The new University Grants Commission (UGC) guidelines, which bar the presidents of sponsoring organisations from chancellorship of the deemed-to-be universities established by them, have drawn flak from educational trusts and societies.

As per the new UGC (Institutions Deemed-to-be Universities) Regulations 2010, notified on May 21, the chancellor of a deemed university, appointed by the sponsoring society or trust, will have to be an eminent educationalist or a distinguished public figure other than the president of the sponsoring society or his/her relative. The chancellor can be a member of neither the society nor the trust.

Conveying their reservations over this provision to Union Human Resource Development Minister Kapil Sibal, the managements of several private institutions run by registered societies and trusts and granted the ‘deemed-to-be university' status by the UGC pointed out that it would be a disincentive to philanthropic groups interested in setting up new educational institutions when the country actually needed more.

Among those who have voiced their concern are the Birla Institute of Technology and Sciences (BITS), Pilani; Manipal University; Vellore Institute of Technology (VIT); and Symbiosis University, Pune — all deemed universities under Section 3 of the UGC Act.

While Symbiosis University, a registered society, has written to Mr. Sibal, VIT and Manipal University, both registered as trusts, and BITS, also a registered society, have conveyed their reservations.

The new guidelines were issued with a view to plugging deficiencies detected in the recent review of deemed universities, which indicated that such institutions functioned as family ‘fiefdoms.'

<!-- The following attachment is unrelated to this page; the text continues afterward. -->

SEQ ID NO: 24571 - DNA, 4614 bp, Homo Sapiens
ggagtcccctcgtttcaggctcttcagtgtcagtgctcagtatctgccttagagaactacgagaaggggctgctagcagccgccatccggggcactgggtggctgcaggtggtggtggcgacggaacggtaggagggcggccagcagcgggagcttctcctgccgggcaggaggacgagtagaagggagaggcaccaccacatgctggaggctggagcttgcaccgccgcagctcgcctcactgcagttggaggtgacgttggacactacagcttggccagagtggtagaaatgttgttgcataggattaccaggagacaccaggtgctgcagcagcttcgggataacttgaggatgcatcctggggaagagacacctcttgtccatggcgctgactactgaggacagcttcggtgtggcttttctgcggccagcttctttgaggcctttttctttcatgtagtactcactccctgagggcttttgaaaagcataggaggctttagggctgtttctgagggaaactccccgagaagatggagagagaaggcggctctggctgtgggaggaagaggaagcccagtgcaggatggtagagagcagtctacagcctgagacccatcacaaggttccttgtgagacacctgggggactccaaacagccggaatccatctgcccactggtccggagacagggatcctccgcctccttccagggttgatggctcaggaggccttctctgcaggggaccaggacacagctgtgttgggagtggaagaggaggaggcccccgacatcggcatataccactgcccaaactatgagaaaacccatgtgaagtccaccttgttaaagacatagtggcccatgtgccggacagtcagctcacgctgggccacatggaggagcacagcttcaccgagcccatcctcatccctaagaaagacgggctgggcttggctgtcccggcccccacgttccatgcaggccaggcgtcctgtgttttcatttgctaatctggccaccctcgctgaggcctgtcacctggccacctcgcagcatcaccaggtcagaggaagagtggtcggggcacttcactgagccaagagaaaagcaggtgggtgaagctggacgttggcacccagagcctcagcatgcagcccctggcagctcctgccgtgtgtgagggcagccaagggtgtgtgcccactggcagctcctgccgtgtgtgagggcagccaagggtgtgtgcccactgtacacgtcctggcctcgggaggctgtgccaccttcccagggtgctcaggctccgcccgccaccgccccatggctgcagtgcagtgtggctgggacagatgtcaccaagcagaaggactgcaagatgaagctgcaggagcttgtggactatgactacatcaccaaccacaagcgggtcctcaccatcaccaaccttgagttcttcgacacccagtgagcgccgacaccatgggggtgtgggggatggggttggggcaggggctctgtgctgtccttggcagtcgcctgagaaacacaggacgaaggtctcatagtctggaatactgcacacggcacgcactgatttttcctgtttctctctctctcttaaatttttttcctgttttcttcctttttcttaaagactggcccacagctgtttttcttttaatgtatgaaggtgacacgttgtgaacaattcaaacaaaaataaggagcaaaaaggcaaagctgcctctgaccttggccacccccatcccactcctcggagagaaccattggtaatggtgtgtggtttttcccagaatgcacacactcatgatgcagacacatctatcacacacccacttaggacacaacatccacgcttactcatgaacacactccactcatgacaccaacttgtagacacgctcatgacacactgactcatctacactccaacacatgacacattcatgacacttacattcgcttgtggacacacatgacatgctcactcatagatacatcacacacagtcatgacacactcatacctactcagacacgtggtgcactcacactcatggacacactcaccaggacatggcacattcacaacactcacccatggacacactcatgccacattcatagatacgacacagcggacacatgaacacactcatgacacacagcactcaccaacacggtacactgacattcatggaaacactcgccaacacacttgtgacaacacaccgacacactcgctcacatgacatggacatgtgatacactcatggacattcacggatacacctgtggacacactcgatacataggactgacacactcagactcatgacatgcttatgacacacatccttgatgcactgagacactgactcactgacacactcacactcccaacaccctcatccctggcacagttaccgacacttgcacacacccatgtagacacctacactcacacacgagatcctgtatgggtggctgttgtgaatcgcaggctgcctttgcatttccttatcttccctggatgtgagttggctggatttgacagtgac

These institutions will not be granted the deemed university status under the fresh guidelines, while the position of pro-chancellors has been abolished.

The proposed deemed-to-be university will have to be registered either as a non-profit society under the Societies Registration Act or as a non-profit trust under the Public Trust Act.

The new guidelines also make it mandatory for an institution to be in existence for at least 15 years before seeking deemed university status, against the earlier 10 years, except under the category of ‘De-novo Institutions' or Innovative Universities.

To discourage single discipline colleges seeking deemed university status in order to escape regulatory councils, the diversity of programmes has been insisted upon. There is also emphasis on the quality of research activity, publications and scholarly works of a high standard as evidenced by inclusions in an internationally recognised database.